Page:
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house poor

Understanding the meaning of being “house poor”

If you’ve heard the term “house poor” before, you likely know it is something you want to avoid as a home owner. Most people assume it has a negative meaning, and rightly so. However, what exactly does being house poor look like? Here are the key points you should know about being house poor if you’re considering entering the market!

What does house poor mean?

In simple words, house poor is a term used to describe a person who is spending too much money on their home. This is someone who likely bought a house they could not truly afford, and as a result are struggling to maintain their financial obligations to it. The general guideline is if a person is spending over 40 per cent of their income on their home, they are house poor. This just includes maintaining ownership of the house, like making mortgage and tax payments. It doesn’t account for any home upgrades. If paying the minimum amounts to afford a home is costing over 40 per cent of a person’s income, they fall into this category.

How does someone become house poor?

As we mentioned, people usually become house poor by overestimating how much they can afford when they buy their home. Inaccurate budgeting is a big contributing factor here. A home buyer may think they can comfortably afford a certain amount based on their income, but they don’t properly account for expenses, debts, or interest rates, for example. Maybe they expected to be making more money than they are, or anticipated lower living expenses than they are encountering. It’s easy to underestimate the costs of homeownership, especially if you have not owned a home before. It can be a complex task to budget for this purchase, and doing so too quickly, or without the help of a professional, can have tough consequences. 

What are the risks?

Some people think about being house poor and consider it a temporary inconvenience that they will have to pull through. This is true in some cases, but in others it can cause a lot of financial struggles. If all of your money needs to go towards your home, this will limit your ability to pay for other necessary items. Food, internet, electricity, and car payments are all essential, for example. If your home is drying up your savings account, these expenses will be put at risk. Plus, non essential expenses like entertainment will have to be tossed out the window as well. Everyone deserves to enjoy some “extra” expenses such as Netflix or a restaurant dinner, but these little luxuries are not in the budget for a person who is house poor.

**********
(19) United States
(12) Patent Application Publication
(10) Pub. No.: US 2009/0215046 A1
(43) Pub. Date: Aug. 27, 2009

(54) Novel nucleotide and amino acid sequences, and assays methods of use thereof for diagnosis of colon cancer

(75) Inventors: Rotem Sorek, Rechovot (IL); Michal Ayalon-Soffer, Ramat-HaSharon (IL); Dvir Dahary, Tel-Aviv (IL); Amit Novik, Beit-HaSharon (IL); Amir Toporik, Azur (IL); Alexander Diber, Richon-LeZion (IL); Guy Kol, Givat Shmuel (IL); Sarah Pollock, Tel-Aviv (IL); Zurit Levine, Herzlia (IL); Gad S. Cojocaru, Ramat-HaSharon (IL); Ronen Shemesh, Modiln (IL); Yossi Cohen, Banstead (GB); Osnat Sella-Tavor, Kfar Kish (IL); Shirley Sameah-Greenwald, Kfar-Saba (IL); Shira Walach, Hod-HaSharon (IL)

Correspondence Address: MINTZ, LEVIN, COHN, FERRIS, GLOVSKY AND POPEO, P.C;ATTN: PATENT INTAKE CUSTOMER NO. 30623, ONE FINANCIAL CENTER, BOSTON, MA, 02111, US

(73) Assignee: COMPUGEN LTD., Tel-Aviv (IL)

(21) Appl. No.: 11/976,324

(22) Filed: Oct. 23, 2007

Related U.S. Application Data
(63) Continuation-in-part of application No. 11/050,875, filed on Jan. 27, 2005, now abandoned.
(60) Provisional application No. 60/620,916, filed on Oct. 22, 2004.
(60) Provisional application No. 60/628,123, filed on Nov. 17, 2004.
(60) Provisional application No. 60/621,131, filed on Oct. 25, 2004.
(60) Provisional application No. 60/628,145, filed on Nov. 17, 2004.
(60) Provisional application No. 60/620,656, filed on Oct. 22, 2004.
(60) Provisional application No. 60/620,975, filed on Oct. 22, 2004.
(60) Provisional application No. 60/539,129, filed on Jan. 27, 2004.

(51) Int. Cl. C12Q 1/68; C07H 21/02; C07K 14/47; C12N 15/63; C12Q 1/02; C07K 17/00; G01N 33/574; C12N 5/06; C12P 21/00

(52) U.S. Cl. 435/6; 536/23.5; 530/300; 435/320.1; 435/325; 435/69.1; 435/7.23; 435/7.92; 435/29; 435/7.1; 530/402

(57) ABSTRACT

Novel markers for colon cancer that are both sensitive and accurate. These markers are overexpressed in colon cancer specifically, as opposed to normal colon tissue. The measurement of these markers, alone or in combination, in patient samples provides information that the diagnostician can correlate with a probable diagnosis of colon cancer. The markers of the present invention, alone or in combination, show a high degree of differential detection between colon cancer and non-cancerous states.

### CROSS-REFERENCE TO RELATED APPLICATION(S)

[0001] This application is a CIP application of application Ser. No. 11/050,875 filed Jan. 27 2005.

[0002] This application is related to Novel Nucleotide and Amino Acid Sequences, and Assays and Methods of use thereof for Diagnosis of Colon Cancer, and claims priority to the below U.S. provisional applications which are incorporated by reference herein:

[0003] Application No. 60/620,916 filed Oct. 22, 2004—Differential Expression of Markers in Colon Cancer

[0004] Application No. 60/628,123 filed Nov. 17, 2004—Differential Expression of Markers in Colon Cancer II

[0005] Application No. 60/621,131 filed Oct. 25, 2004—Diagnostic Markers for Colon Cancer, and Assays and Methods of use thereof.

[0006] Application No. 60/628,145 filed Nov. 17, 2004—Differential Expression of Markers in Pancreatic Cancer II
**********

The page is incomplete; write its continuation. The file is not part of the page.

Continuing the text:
The other big danger of being house poor is the possibility of not even being able to make those mandatory home payments. Eventually, home owners might struggle to pay their mortgage, which poses a big threat. It’s even possible for home owners to lose their property if they can’t find a way to support their financial obligations. In short, being house poor shouldn’t be treated as a minor nuisance that everyone goes through. It is not an inevitable part of homeownership, and therefore it’s important to avoid it.

How can you avoid it?

If you’re buying a house, how can you make sure you won’t end up being house poor as a result? While this is a big purchase that will put you into debt, it doesn’t have to become a threat to your financial wellbeing. The most important first step is being certain you are ready for the responsibility of owning a home. You should only be buying a home if you are committed to the experience. This means you have been saving up for a down payment, have an idea of your buying goals, and know where you want to settle down. You also need to create a proper budget that reflects your situation. Being honest about your income, expenses, and debts is essential in order to have an accurate idea of what you can afford. Finally, use professional help! Real estate agents and mortgage brokers are both invaluable resources. Realtors can help you understand the current costs of homes and living expenses, and they can find properties that will suit your needs. Brokers, meanwhile, are here to help you budget and secure the right mortgage product. We work with a large variety of lenders, and we can help you understand where you fit into the market.

Being house poor is a scary thought, but with proper planning and budgeting, it is avoidable. Get in touch with professionals early in the process to ensure you can afford a home and a mortgage that supports your needs. As brokers, we are dedicated to educating our clients on all of their housing questions. It’s never too early to get started!

If you have any questions about your mortgage, get in touch with us at Clinton Wilkins Mortgage Team! You can call us at (902) 482-2770 or contact us here.